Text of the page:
Words and Photography by Nick White
There is something very special about Cuba. The streets are wide, littered with old school cars that belong to another era. The paint on the walls is cracked and faded. There isn’t any Internet, but you don’t feel like you need it. And you are left wondering whether we need half the shit that we have back home.
Before arriving, I had some expectations. You can probably guess what they were. Old-school cars, cigars, epic mojitos, amazing jazz bars, and a lot of salsa. I was stoked to find each of these is still firmly part of the Cuban experience, but there was so much more. In Cuba, payphones replace mobiles, beaten up 1950’s American cars replace Audis, live jazz replaces DJ’s, salsa dancing replaces fist pumping, and face-to-face interaction replaces social media.
The most remarkable aspect of Cuba was the fact that although the average Cuban wage is $20USD per month, there is a sense of peace that is hard to describe. At home, most people associate happiness with making good money so you can do the things you want. In Cuba, something else is in the air—you don’t have to look far to see people talking, laughing and dancing despite the difficult economic circumstances. Cuba allowed me to live and be immersed in an environment free from the external gratification I’ve started to take for granted. Allowing me to have real experiences, and appreciate the places and people that surrounded me.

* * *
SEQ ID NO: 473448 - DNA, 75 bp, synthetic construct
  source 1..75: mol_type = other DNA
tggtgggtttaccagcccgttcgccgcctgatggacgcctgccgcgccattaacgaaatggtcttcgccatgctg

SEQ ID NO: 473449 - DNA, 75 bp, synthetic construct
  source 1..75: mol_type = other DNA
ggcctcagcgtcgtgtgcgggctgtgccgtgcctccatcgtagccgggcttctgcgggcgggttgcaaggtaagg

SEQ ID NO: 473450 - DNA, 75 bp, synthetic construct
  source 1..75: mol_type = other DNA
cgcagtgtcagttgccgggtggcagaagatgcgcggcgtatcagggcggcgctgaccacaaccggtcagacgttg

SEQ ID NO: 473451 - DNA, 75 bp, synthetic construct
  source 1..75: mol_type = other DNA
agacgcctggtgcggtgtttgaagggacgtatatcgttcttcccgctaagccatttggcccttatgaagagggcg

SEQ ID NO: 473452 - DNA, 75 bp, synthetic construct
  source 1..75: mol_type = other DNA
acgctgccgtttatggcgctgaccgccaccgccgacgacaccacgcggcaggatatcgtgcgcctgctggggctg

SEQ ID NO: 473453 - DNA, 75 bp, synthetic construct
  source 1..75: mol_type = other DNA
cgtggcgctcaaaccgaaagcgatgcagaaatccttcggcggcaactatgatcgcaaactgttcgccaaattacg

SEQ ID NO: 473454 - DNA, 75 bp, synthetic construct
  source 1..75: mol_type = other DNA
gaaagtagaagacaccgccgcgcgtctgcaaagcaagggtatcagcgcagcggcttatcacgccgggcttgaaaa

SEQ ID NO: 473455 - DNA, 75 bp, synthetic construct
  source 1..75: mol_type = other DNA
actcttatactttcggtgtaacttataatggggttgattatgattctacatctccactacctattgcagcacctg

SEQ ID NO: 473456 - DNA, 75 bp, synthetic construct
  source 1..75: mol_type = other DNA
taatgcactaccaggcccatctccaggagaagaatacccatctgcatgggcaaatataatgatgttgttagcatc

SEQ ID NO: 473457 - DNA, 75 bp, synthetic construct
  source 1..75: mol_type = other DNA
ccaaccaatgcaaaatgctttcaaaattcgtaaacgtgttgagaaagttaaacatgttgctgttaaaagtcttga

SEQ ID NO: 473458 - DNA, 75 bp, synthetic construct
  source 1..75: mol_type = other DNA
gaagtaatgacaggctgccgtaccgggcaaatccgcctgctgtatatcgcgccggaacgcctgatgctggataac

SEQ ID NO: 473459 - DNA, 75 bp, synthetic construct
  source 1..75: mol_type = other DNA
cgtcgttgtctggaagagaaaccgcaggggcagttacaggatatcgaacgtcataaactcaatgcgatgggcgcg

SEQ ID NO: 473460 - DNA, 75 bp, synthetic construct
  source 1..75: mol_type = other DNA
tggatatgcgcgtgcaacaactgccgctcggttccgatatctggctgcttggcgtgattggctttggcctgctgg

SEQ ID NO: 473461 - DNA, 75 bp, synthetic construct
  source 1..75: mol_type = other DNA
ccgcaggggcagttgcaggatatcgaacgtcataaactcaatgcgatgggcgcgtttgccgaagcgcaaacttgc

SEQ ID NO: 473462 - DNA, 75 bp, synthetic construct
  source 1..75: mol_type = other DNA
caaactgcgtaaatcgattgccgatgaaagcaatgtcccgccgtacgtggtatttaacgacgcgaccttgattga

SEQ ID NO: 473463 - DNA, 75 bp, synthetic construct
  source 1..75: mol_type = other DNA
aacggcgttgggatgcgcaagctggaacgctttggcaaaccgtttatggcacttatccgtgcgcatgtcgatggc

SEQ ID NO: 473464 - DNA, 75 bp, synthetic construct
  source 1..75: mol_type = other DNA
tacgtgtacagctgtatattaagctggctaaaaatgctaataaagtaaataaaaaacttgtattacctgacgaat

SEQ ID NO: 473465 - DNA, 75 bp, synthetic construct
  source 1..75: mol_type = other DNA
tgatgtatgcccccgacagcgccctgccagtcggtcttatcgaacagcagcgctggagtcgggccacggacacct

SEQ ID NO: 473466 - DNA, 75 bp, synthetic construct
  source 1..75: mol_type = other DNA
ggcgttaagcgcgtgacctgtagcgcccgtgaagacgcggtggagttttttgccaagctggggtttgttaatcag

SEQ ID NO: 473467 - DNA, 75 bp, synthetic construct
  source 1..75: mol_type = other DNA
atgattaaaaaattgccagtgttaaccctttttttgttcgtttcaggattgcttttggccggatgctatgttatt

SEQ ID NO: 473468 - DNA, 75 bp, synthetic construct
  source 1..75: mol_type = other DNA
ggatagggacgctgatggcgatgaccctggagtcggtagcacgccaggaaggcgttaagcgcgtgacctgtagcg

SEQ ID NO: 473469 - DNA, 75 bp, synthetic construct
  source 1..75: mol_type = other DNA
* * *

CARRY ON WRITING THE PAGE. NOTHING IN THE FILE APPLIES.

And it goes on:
A taxi drives up the Malecon.
Not your usual view out of the front windscreen.
Empty highway to Havana.
Last light Havana
A street lamp lights a taxi driving down a dark suburban street.
Two brothers wait for their hair to be cut from the local barber ‘Pupa’.
A girl smiles as she watches her friends in the street.
No need for bike chains.
Whistling for the lights to change.
A boy watches as lightning flashes over the hill.
An isolated home situated in the heart of the tobacco fields in Vinyales.
Your typical Havana scene.